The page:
Alex Wong/Emotive Image: I would love to be able to draw out a storyboard for a Grand Prix weekend, but we’re very limited on what we can accomplish. Usually, on Thursday, after the press conference has finished, we walk the entire circuit. There isn’t much activity at the track, so we can carefully pick and choose our preferred photo locations in relation to the time of the sessions. We can come away with a decent plan for the next few days of shooting, but we rarely ever stick to it. Sometimes we’ll be leaving the circuit and find a new vantage point or new inspiration and scrap our entire photo plan.

FSM: Did you prepare any differently for this particular weekend at the United States GP with Lewis Hamilton’s potential championship in the works?

AW: This weekend, my main client was a German press agency that follows the entire Formula 1 race calendar. Since there was the possibility of Lewis winning the championship, photos of the championship celebration were at the top of the list. So I knew when the checkered flag dropped on Sunday, we would be on a crunch to get photos of the championship celebration and deliver them immediately. In addition to the championship, I would need to capture Lewis, [Sebastian] Vettel, [Valtteri] Bottas, and others in the championship fight in case things wouldn’t pan out. On-track photos weren’t a priority as much as portraits and candids of the drivers.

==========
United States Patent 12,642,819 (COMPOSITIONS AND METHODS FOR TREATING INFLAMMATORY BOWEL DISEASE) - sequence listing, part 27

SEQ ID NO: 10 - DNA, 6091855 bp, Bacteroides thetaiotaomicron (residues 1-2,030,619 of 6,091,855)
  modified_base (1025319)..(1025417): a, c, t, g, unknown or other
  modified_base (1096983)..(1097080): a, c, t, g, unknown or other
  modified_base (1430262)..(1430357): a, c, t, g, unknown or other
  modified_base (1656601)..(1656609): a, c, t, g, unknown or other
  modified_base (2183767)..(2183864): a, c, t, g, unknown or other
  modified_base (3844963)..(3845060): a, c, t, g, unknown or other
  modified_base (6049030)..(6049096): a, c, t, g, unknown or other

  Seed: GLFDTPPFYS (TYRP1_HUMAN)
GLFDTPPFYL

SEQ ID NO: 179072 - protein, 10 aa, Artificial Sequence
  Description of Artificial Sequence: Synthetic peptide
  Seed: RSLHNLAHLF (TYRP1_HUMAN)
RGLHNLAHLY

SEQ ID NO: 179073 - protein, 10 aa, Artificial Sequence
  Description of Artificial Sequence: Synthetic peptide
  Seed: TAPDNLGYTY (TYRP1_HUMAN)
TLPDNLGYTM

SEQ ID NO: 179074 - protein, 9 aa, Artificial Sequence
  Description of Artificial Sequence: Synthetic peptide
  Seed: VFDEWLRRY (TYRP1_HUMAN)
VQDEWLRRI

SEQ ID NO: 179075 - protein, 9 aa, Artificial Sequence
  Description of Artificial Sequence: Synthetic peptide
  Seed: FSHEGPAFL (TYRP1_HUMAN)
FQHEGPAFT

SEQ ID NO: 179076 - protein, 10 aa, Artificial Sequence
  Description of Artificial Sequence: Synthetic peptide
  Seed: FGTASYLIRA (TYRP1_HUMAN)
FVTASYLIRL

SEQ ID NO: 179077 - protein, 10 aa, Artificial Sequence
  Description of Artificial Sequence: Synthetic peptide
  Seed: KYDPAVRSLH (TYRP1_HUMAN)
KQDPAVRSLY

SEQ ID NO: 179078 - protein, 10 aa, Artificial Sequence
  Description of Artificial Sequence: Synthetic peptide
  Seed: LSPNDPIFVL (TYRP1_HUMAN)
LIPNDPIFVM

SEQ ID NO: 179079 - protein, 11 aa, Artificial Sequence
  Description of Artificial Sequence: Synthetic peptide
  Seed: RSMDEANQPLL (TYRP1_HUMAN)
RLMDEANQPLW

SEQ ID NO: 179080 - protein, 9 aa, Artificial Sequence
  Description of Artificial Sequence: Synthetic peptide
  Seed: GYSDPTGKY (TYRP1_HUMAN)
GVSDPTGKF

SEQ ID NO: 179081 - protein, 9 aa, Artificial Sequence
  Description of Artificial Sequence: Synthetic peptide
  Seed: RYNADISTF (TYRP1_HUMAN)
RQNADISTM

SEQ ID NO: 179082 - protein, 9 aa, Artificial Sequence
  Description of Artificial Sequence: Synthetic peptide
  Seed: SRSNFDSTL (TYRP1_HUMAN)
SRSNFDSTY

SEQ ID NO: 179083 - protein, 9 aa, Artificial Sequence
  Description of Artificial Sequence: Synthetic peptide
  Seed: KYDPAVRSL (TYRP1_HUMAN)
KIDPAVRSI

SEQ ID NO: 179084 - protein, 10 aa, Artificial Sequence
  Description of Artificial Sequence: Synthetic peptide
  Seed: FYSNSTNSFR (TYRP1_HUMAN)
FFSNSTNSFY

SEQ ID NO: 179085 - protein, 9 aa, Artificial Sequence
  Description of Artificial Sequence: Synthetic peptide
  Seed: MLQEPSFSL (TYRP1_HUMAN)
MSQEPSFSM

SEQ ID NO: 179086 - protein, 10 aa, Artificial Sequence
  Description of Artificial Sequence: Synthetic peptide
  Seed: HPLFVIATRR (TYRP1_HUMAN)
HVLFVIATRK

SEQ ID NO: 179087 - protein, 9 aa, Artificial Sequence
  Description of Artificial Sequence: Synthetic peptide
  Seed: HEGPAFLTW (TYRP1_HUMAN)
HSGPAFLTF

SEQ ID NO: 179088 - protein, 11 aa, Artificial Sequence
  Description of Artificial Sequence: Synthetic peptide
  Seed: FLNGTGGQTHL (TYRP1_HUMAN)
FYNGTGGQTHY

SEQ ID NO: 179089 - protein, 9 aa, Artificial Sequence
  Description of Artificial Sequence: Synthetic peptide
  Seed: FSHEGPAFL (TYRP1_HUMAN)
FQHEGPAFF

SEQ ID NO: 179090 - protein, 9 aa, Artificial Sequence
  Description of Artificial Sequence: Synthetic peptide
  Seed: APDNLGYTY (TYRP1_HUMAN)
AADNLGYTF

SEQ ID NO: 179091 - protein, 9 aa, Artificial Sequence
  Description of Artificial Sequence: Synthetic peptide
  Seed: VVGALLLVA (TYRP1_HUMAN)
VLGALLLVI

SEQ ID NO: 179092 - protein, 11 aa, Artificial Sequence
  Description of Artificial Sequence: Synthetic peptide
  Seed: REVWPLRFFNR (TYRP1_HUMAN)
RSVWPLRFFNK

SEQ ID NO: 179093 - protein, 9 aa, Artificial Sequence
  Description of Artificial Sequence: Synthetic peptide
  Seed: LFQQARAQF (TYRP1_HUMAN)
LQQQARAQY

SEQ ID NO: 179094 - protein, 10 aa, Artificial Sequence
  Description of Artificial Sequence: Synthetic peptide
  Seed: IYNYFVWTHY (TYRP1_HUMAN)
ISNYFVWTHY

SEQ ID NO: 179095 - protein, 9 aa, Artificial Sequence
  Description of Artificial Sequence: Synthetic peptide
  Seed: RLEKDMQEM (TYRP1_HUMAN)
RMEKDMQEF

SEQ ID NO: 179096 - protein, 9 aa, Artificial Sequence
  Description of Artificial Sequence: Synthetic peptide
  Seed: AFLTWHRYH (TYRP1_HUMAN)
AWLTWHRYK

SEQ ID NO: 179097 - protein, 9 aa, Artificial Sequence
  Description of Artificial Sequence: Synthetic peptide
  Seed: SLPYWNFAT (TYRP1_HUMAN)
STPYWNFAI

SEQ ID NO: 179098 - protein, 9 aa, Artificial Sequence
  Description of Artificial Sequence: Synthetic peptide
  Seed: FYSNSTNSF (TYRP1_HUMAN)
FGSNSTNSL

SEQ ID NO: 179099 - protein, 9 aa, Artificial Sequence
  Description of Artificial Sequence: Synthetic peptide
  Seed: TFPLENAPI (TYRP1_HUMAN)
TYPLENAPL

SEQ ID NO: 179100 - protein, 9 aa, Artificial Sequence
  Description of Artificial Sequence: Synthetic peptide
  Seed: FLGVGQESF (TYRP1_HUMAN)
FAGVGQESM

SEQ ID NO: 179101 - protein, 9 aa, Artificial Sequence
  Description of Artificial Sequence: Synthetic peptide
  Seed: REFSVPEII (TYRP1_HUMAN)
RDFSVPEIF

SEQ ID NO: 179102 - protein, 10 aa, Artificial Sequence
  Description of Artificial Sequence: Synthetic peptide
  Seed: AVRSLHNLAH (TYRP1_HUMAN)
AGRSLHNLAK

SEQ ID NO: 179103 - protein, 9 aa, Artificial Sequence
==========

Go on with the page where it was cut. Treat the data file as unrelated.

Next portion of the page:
FSM: When I see you at Formula Drift, you’re quite comfortable and confident. Do you ever get nervous and unsure when you’re shooting larger events like F1 or IndyCar?

AW: Ha! I am always nervous and unsure, regardless of the event. In Formula Drift, I am a bit more comfortable as the amount of access I have to the drivers, the cars, and teams is incredible. It makes my job a lot easier when I have a rapport with a driver or team and capture the photos I need without much of a headache. At IndyCar or Formula 1 events, my access is far more limited. I rarely get access to the pitlane, so if/when I do, I have to plan my shoot schedule around that particular session. Drivers are almost impossible to find, and you have to plan where to stand (in front of the garage, in front of hospitality, etc.) to get a simple photo. It is a lot more of a hurry-up-and-wait situation, which adds to the amount of anxiety throughout the weekend.

FSM: How do you battle the size of the 3.4-mile Circuit of the Americas track with the reasonably short time period of on-track sessions of Formula 1?